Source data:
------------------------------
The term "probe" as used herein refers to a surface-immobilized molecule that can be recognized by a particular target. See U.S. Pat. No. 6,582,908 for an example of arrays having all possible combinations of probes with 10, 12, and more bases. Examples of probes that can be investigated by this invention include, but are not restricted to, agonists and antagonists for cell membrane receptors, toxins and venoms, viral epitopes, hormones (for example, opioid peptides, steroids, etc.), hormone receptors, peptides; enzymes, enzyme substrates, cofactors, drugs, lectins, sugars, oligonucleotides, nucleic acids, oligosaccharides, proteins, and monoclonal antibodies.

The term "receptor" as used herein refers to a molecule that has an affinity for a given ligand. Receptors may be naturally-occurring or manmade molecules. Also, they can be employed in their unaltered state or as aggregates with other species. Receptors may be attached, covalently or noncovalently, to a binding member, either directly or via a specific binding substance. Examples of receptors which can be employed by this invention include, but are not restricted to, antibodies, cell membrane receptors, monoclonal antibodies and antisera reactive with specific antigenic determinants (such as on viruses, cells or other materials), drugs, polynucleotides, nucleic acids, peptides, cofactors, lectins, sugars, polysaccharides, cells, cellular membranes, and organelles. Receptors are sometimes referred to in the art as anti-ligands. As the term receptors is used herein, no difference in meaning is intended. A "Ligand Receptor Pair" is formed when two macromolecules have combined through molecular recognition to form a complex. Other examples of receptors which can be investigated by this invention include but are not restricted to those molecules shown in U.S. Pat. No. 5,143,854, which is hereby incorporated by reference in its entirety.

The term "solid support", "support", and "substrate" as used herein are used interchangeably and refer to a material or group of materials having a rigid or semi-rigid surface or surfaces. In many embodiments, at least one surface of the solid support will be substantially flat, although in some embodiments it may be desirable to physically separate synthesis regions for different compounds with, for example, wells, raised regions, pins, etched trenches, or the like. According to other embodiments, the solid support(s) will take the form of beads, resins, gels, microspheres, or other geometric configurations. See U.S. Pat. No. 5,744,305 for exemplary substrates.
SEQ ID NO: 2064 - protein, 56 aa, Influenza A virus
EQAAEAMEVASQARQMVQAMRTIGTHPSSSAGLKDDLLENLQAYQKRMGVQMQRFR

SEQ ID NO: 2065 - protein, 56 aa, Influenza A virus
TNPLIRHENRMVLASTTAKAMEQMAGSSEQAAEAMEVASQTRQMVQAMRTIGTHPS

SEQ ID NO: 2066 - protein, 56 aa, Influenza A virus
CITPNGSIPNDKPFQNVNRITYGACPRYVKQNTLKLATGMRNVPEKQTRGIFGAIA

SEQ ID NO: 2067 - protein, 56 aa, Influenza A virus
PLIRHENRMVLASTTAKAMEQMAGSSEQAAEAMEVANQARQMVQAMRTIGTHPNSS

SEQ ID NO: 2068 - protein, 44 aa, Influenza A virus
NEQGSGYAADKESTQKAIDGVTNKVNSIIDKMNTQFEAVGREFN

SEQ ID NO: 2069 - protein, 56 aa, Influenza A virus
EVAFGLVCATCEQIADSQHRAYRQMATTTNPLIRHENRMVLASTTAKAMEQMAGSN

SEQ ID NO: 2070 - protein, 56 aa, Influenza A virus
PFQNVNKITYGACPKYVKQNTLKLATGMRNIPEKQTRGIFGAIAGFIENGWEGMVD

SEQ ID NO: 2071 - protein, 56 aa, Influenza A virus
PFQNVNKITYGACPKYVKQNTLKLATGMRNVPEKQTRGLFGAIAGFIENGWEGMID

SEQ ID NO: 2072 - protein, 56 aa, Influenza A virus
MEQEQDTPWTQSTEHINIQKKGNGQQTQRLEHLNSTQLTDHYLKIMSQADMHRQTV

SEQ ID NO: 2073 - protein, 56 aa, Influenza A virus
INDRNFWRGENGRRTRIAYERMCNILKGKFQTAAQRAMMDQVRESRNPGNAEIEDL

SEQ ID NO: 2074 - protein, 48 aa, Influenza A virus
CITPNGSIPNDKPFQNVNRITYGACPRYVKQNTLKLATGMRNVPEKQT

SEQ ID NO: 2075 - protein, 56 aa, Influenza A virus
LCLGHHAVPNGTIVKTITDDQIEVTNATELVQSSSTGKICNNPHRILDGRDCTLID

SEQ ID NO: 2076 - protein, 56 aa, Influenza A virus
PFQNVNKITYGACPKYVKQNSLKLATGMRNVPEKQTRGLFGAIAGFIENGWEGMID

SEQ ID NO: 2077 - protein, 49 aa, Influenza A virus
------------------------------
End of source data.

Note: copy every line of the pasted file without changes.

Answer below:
The term "probe" as used herein refers to a surface-immobilized molecule that can be recognized by a particular target. See U.S. Pat. No. 6,582,908 for an example of arrays having all possible combinations of probes with 10, 12, and more bases. Examples of probes that can be investigated by this invention include, but are not restricted to, agonists and antagonists for cell membrane receptors, toxins and venoms, viral epitopes, hormones (for example, opioid peptides, steroids, etc.), hormone receptors, peptides; enzymes, enzyme substrates, cofactors, drugs, lectins, sugars, oligonucleotides, nucleic acids, oligosaccharides, proteins, and monoclonal antibodies.

The term "receptor" as used herein refers to a molecule that has an affinity for a given ligand. Receptors may be naturally-occurring or manmade molecules. Also, they can be employed in their unaltered state or as aggregates with other species. Receptors may be attached, covalently or noncovalently, to a binding member, either directly or via a specific binding substance. Examples of receptors which can be employed by this invention include, but are not restricted to, antibodies, cell membrane receptors, monoclonal antibodies and antisera reactive with specific antigenic determinants (such as on viruses, cells or other materials), drugs, polynucleotides, nucleic acids, peptides, cofactors, lectins, sugars, polysaccharides, cells, cellular membranes, and organelles. Receptors are sometimes referred to in the art as anti-ligands. As the term receptors is used herein, no difference in meaning is intended. A "Ligand Receptor Pair" is formed when two macromolecules have combined through molecular recognition to form a complex. Other examples of receptors which can be investigated by this invention include but are not restricted to those molecules shown in U.S. Pat. No. 5,143,854, which is hereby incorporated by reference in its entirety.

The term "solid support", "support", and "substrate" as used herein are used interchangeably and refer to a material or group of materials having a rigid or semi-rigid surface or surfaces. In many embodiments, at least one surface of the solid support will be substantially flat, although in some embodiments it may be desirable to physically separate synthesis regions for different compounds with, for example, wells, raised regions, pins, etched trenches, or the like. According to other embodiments, the solid support(s) will take the form of beads, resins, gels, microspheres, or other geometric configurations. See U.S. Pat. No. 5,744,305 for exemplary substrates.
SEQ ID NO: 2064 - protein, 56 aa, Influenza A virus
EQAAEAMEVASQARQMVQAMRTIGTHPSSSAGLKDDLLENLQAYQKRMGVQMQRFR

SEQ ID NO: 2065 - protein, 56 aa, Influenza A virus
TNPLIRHENRMVLASTTAKAMEQMAGSSEQAAEAMEVASQTRQMVQAMRTIGTHPS

SEQ ID NO: 2066 - protein, 56 aa, Influenza A virus
CITPNGSIPNDKPFQNVNRITYGACPRYVKQNTLKLATGMRNVPEKQTRGIFGAIA

SEQ ID NO: 2067 - protein, 56 aa, Influenza A virus
PLIRHENRMVLASTTAKAMEQMAGSSEQAAEAMEVANQARQMVQAMRTIGTHPNSS

SEQ ID NO: 2068 - protein, 44 aa, Influenza A virus
NEQGSGYAADKESTQKAIDGVTNKVNSIIDKMNTQFEAVGREFN

SEQ ID NO: 2069 - protein, 56 aa, Influenza A virus
EVAFGLVCATCEQIADSQHRAYRQMATTTNPLIRHENRMVLASTTAKAMEQMAGSN

SEQ ID NO: 2070 - protein, 56 aa, Influenza A virus
PFQNVNKITYGACPKYVKQNTLKLATGMRNIPEKQTRGIFGAIAGFIENGWEGMVD

SEQ ID NO: 2071 - protein, 56 aa, Influenza A virus
PFQNVNKITYGACPKYVKQNTLKLATGMRNVPEKQTRGLFGAIAGFIENGWEGMID

SEQ ID NO: 2072 - protein, 56 aa, Influenza A virus
MEQEQDTPWTQSTEHINIQKKGNGQQTQRLEHLNSTQLTDHYLKIMSQADMHRQTV

SEQ ID NO: 2073 - protein, 56 aa, Influenza A virus
INDRNFWRGENGRRTRIAYERMCNILKGKFQTAAQRAMMDQVRESRNPGNAEIEDL

SEQ ID NO: 2074 - protein, 48 aa, Influenza A virus
CITPNGSIPNDKPFQNVNRITYGACPRYVKQNTLKLATGMRNVPEKQT

SEQ ID NO: 2075 - protein, 56 aa, Influenza A virus
LCLGHHAVPNGTIVKTITDDQIEVTNATELVQSSSTGKICNNPHRILDGRDCTLID

SEQ ID NO: 2076 - protein, 56 aa, Influenza A virus
PFQNVNKITYGACPKYVKQNSLKLATGMRNVPEKQTRGLFGAIAGFIENGWEGMID

SEQ ID NO: 2077 - protein, 49 aa, Influenza A virus